Welcome to the January 2020 issue of ‘Brainstorm’

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“Brainstorm,” a special edition of YFile publishing on the first Friday of every month, showcases research and innovation at York University. It offers compelling and accessible feature-length stories about the world-leading and policy-relevant work of York’s academics and researchers across all disciplines and Faculties and encompasses both pure and applied research.

Just who are the winners and losers when biomedical advances eliminate death?
Philosophy Professor Regina Rini pens a provocative article in the U.K.-based Times Literary Supplement, which suggests that our near-descendants could live forever, thanks to biomedical breakthroughs. This would mean a moral crisis for the last generation facing death, she argues. Read the full story.

Words that empower: The transformation of Indigenous language dictionaries
A travelling exhibition on dictionaries and Indigenous languages, created by student curators at the Canadian Language Museum, traces the varies functions that dictionaries have played over 400 years. This interactive show also offers resources for the enrichment of Indigenous languages. Read the full story.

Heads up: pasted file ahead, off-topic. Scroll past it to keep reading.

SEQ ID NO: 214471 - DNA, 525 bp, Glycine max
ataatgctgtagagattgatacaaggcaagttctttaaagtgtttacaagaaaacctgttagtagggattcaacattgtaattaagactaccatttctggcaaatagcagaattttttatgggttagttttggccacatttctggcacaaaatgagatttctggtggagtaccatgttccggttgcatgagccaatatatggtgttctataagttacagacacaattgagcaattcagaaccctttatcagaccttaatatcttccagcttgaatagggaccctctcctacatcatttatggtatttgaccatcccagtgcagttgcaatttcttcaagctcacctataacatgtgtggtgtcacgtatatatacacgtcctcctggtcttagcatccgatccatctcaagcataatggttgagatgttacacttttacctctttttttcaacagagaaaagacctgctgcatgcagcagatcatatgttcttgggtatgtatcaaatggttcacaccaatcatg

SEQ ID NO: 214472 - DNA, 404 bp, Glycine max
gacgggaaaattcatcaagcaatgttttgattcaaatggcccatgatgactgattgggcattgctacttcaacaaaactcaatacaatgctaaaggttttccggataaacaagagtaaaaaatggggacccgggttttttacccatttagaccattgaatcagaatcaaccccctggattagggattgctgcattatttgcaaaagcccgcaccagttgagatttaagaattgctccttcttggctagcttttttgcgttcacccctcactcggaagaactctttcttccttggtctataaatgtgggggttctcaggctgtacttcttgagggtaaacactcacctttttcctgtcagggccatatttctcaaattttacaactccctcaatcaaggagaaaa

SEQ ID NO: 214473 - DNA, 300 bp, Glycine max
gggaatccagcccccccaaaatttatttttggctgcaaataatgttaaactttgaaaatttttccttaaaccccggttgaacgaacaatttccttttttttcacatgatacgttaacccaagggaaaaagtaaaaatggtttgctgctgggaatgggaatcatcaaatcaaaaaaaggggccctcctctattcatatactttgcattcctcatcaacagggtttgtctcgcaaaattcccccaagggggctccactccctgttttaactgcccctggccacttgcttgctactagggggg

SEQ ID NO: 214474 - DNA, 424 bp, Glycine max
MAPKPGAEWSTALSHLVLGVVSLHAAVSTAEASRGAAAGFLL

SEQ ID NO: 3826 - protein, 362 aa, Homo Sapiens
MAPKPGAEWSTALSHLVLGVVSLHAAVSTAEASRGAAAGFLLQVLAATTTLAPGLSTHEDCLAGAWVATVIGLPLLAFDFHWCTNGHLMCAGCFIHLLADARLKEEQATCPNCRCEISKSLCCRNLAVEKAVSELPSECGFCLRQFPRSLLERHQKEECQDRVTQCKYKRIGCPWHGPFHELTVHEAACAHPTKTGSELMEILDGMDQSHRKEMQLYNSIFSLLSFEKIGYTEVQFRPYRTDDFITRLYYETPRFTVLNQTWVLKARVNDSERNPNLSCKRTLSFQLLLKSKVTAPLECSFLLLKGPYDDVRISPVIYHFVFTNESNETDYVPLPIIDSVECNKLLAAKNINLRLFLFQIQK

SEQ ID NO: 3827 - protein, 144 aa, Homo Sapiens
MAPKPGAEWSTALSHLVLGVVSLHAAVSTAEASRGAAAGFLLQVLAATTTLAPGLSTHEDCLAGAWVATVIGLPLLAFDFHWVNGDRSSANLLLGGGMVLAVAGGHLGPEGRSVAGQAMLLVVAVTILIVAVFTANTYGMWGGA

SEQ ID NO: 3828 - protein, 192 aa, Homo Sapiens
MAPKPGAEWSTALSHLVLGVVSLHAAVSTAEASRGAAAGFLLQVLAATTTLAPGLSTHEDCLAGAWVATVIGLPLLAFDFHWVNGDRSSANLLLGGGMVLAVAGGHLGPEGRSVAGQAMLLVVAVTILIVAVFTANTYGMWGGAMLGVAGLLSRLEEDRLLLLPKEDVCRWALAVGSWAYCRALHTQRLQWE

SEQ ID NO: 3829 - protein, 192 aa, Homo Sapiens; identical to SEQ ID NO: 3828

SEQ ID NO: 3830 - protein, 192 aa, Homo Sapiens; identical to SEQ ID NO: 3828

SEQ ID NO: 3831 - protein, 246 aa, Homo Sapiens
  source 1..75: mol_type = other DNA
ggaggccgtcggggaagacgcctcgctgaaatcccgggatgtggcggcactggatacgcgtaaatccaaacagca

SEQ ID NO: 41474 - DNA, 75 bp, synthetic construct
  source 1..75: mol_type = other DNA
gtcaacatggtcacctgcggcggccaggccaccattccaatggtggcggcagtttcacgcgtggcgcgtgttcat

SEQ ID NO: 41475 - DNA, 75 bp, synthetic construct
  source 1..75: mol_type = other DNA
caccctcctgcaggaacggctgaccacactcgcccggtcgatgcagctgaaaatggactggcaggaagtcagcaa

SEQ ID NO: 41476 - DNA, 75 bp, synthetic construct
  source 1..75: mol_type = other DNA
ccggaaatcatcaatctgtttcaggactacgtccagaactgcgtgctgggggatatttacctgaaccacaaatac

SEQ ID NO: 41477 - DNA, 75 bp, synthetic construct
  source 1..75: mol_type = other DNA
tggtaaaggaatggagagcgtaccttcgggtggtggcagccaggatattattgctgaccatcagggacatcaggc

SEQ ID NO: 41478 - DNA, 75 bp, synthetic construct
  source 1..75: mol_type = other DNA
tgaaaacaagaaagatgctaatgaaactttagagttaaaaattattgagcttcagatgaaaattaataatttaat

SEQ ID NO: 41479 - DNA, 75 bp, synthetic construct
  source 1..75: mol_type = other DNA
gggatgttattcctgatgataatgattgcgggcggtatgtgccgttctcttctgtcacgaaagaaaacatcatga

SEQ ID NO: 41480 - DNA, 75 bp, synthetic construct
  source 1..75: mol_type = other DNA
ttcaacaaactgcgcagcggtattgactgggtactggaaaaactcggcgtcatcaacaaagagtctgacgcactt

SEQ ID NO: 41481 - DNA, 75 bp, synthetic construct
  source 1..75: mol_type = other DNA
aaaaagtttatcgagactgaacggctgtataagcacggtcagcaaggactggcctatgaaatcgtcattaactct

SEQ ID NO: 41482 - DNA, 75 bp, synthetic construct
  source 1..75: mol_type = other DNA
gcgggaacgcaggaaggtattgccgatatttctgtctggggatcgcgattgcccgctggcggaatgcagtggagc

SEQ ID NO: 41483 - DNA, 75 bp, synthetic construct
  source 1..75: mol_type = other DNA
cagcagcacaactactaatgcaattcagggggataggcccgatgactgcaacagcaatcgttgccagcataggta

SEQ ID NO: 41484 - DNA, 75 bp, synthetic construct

Corporeal meets ethereal: Provocative performance blends video, dance and virtual reality
Professor Freya Björg Olafson’s body of work has been recognized as cutting edge on an international stage. This month, the intermedia artist in the Department of Dance premieres a new performance work in Winnipeg that promises to deliver a heady and immersive experience for all. Read full story.

Scuba enthusiasts: Your future dive buddy might not be human
Artificial Intelligence meets recreational sport: Pioneering Lassonde researchers are building robots that function underwater and can recognize the same hand gestures that conventional divers use to communicate with each other, while using the dive buddy system for safety. Read the full story.

Mosquito sperm research could aid pest control strategies in deadly viruses
New research from the Faculty of Science suggests that influencing male mosquitoes’ reproductive capacity may, one day, hold the key to improved pest control strategies. Impeding some of the world’s most deadly viruses, spread by mosquitoes, could possibly be within reach, this research suggests. Read the full story.

Launched in January 2017, “Brainstorm” is produced out of the Office of the Vice-President Research & Innovation in partnership with Communications & Public Affairs; overseen by Megan Mueller, senior manager, research communications; and edited by Jenny Pitt-Clark, YFile editor and Ashley Goodfellow Craig, YFile deputy editor.